NS1 Launches DNS Security Service

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By: Michael Vizard

NS1, a provider of an instance of DNS delivered as a managed service, yesterday announced an instance of a DNSsec-enabled service that includes support for traffic management capabilities such as restricting access to network services to specific zones.

The company hopes to take advantage of a big security hole. The Domain Name System Security Extensions (DNSsec) specifications were originally developed to prevent cybercriminals from poisoning DNS servers in a way that would reroute traffic to websites loaded with malware. But so far, implementation of DNSsec has been spotty at best because many of the traffic management capabilities implemented by providers of DNS servers are incompatible with DNSsec. 

The poisoning of DNS caches remains one of the primary vectors cybercriminals employ to compromise the results of DNS queries, says Jonathan Lewis, vice president of product marketing for NS1. While the fix for this issue has been available, many providers of DNS services have been reluctant to implement DNSsec because one of the main value propositions they provide is traffic management, says Lewis.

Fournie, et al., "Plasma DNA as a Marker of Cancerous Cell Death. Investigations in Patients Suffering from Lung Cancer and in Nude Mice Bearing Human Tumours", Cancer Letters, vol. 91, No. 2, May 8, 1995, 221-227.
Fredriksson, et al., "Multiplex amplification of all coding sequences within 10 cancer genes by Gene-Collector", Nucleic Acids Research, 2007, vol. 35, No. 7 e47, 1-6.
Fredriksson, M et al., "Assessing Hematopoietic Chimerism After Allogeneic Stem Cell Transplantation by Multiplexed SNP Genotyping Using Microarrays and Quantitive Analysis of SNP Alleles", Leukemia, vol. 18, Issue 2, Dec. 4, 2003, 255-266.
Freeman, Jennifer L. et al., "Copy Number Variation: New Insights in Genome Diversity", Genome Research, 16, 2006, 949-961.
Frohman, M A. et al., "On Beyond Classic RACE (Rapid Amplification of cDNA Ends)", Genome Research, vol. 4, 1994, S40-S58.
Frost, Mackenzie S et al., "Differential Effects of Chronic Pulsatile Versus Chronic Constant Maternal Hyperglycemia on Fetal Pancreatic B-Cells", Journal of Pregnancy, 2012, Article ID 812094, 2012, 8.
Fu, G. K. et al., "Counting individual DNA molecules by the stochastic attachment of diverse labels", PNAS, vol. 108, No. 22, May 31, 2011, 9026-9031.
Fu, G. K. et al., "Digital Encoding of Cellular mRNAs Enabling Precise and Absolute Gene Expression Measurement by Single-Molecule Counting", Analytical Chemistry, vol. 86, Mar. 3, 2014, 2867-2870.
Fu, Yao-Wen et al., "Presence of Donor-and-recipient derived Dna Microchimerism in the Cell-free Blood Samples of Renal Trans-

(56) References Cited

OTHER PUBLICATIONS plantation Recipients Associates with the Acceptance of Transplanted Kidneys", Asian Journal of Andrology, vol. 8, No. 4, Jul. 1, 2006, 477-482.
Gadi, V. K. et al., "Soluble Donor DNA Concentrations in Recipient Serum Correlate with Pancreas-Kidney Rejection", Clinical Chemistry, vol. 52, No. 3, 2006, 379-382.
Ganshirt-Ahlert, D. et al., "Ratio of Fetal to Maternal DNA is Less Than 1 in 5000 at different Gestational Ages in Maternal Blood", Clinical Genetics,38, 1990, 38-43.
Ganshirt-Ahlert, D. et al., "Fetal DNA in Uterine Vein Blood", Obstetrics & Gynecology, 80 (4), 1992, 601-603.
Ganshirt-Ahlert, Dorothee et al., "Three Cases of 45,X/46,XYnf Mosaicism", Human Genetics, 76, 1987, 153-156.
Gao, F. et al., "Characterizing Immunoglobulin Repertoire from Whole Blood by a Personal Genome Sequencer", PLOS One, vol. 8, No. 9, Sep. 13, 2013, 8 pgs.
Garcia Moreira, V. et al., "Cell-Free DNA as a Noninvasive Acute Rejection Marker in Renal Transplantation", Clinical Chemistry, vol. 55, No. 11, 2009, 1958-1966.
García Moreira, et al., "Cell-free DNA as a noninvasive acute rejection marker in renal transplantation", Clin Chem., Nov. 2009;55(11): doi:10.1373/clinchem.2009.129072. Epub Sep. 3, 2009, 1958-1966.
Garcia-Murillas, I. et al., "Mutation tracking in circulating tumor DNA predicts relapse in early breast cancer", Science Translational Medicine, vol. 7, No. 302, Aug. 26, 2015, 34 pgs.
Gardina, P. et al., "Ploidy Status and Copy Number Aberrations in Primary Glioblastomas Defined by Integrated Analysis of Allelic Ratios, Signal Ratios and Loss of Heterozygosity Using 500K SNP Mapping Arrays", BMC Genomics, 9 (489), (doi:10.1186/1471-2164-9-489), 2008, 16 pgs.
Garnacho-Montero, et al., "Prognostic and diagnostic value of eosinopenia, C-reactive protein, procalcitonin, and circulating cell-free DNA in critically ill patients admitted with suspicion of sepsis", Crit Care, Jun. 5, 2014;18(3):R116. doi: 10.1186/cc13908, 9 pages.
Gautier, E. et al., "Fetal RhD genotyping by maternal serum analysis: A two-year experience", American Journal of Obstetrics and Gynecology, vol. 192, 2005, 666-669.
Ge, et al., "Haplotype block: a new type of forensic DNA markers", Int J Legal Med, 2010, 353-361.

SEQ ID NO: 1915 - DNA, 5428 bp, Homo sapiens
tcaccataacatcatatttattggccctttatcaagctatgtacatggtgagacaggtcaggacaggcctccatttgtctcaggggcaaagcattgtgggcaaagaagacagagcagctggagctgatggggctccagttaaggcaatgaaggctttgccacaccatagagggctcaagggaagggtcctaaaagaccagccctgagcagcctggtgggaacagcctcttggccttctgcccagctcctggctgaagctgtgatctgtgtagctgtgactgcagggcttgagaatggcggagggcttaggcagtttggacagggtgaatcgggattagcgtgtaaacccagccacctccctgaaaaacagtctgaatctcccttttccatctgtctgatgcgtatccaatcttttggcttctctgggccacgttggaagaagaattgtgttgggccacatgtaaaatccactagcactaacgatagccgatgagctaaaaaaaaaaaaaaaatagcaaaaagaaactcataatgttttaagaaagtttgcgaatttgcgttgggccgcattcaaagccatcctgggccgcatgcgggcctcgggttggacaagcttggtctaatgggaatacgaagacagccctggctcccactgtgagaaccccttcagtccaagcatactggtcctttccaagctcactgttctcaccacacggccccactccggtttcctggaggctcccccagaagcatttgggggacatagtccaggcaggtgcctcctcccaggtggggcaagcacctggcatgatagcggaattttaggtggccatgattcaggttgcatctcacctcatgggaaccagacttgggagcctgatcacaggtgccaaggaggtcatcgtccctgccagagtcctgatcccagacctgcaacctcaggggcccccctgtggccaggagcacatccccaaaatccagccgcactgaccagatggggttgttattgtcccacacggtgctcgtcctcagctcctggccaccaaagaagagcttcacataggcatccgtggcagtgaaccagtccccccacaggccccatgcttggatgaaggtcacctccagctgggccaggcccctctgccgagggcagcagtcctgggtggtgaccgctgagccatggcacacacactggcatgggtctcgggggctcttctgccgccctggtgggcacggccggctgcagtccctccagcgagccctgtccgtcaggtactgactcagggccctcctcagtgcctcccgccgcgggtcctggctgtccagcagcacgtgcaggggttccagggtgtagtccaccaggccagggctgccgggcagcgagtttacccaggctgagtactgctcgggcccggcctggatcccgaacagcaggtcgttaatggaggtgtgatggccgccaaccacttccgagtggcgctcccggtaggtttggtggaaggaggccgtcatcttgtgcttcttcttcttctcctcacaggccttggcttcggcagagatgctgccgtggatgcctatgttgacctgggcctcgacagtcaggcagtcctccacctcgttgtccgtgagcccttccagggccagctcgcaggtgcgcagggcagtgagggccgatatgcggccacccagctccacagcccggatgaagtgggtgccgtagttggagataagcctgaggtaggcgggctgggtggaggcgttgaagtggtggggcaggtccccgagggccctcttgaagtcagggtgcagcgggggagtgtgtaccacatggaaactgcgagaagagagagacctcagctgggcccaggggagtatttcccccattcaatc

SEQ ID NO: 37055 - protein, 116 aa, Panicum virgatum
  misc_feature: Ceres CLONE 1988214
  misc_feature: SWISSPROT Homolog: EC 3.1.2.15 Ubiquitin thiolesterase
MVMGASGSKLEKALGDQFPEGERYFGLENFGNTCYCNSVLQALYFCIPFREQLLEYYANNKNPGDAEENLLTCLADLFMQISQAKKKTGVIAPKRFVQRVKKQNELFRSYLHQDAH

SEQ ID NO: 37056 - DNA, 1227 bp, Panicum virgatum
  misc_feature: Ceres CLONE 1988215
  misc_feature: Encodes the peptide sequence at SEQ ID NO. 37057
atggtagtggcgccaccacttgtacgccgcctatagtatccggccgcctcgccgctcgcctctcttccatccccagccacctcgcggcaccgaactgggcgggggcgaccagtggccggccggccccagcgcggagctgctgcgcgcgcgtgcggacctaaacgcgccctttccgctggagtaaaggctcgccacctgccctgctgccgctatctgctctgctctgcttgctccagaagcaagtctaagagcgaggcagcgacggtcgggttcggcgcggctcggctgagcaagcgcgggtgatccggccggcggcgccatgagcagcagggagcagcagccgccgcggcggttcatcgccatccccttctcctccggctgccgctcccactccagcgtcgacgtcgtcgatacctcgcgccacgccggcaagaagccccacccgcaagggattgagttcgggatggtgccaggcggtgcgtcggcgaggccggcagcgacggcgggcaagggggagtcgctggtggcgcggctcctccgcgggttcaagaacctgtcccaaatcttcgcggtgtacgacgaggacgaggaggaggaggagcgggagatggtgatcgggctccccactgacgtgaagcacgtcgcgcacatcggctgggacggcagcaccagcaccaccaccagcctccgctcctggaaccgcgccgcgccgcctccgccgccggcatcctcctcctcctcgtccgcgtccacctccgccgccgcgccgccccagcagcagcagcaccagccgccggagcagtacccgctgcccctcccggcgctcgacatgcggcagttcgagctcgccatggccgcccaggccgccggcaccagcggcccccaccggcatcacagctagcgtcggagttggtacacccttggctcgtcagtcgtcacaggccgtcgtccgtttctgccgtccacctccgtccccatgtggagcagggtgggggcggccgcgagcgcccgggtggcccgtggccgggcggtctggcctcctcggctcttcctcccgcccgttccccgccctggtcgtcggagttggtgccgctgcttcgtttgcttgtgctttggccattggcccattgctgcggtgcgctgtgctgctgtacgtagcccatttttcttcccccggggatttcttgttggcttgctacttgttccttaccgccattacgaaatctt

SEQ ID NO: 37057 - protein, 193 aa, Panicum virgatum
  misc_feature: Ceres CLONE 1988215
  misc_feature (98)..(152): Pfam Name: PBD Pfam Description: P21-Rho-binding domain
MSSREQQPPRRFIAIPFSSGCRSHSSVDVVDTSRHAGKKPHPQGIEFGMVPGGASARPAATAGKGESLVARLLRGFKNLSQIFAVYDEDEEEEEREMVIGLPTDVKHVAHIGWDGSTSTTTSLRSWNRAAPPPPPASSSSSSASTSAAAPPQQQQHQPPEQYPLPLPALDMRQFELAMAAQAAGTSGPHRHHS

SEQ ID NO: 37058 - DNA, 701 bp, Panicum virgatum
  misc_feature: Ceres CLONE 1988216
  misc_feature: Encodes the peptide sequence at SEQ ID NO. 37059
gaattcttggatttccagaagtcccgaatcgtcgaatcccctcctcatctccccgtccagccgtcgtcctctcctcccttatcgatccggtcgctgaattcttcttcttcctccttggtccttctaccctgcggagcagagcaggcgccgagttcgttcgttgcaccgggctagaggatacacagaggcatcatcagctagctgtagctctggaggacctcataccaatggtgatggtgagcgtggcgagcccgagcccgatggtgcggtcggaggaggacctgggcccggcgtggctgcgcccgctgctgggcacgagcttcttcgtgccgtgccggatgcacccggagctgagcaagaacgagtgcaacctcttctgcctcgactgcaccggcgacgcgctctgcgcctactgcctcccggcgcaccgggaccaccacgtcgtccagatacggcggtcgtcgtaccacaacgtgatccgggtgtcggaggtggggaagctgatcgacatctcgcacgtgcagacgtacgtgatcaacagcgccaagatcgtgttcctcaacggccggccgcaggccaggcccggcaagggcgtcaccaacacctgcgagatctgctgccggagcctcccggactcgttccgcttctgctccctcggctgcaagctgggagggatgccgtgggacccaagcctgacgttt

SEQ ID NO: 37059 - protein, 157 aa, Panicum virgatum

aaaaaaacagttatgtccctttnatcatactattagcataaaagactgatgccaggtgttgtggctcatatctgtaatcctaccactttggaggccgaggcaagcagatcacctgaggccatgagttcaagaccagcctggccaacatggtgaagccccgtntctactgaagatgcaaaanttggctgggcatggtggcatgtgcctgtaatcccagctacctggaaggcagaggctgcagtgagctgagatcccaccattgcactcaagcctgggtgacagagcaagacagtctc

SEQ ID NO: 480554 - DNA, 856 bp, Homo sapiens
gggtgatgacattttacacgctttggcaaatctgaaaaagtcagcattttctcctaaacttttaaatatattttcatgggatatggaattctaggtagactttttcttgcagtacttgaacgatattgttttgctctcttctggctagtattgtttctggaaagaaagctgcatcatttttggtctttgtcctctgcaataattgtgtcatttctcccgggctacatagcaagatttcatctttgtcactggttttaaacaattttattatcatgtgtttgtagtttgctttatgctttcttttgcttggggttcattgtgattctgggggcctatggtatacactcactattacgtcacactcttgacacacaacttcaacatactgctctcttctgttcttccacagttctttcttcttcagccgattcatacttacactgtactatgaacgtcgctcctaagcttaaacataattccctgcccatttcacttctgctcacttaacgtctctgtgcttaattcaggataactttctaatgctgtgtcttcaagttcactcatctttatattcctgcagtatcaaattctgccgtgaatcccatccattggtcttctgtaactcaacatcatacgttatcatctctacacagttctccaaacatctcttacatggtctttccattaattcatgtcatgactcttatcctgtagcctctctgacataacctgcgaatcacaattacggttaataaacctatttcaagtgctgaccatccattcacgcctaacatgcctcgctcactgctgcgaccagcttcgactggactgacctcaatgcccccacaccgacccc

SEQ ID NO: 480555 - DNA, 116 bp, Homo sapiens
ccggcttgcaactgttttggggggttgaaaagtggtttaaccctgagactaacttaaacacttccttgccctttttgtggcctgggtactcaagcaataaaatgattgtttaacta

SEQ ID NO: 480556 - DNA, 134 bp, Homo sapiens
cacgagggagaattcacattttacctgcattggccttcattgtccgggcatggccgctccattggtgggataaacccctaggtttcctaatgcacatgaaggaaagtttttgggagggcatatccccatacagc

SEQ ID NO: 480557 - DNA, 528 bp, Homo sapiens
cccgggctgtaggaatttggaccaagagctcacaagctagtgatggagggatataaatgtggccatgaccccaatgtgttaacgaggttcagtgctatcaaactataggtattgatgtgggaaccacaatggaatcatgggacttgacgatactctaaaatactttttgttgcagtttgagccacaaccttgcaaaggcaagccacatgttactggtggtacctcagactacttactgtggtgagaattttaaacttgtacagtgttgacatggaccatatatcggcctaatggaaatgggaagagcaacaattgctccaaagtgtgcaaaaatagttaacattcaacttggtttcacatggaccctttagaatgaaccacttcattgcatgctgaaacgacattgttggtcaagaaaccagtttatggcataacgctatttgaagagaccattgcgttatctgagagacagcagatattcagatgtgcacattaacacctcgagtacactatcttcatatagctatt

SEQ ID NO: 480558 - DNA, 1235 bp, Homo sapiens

“A lot of the traffic management capabilities being provided are simply not compatible with DNSsec,” says Lewis.

NS1 has reworked its implementation of DNS to now make DNSsec a default capability while still being able to provide capabilities such as geo-routing, adds Lewis.

Lewis says NSI is betting that, now that more organizations realize how cybercriminals are compromising DNS servers to deliver malware, many more of them will opt to rely on a secure managed DNS service rather than continuing to manage DNS servers on their own.

Ever since a massive distributed denial of service (DDoS) attack took down most of the websites on the east coast in late 2016, IT organizations have been reevaluating their approach to DNS services, which many once took for granted. The challenge they have faced is finding a way to better secure DNS without compromising the quality of the web application experience being provided.

DNSsec, of course, won’t prevent cybercriminals from launching a DDoS attack. But, at the very least, it should provide some peace of mind that a compromised DNS server has not become part of the larger cybersecurity problem.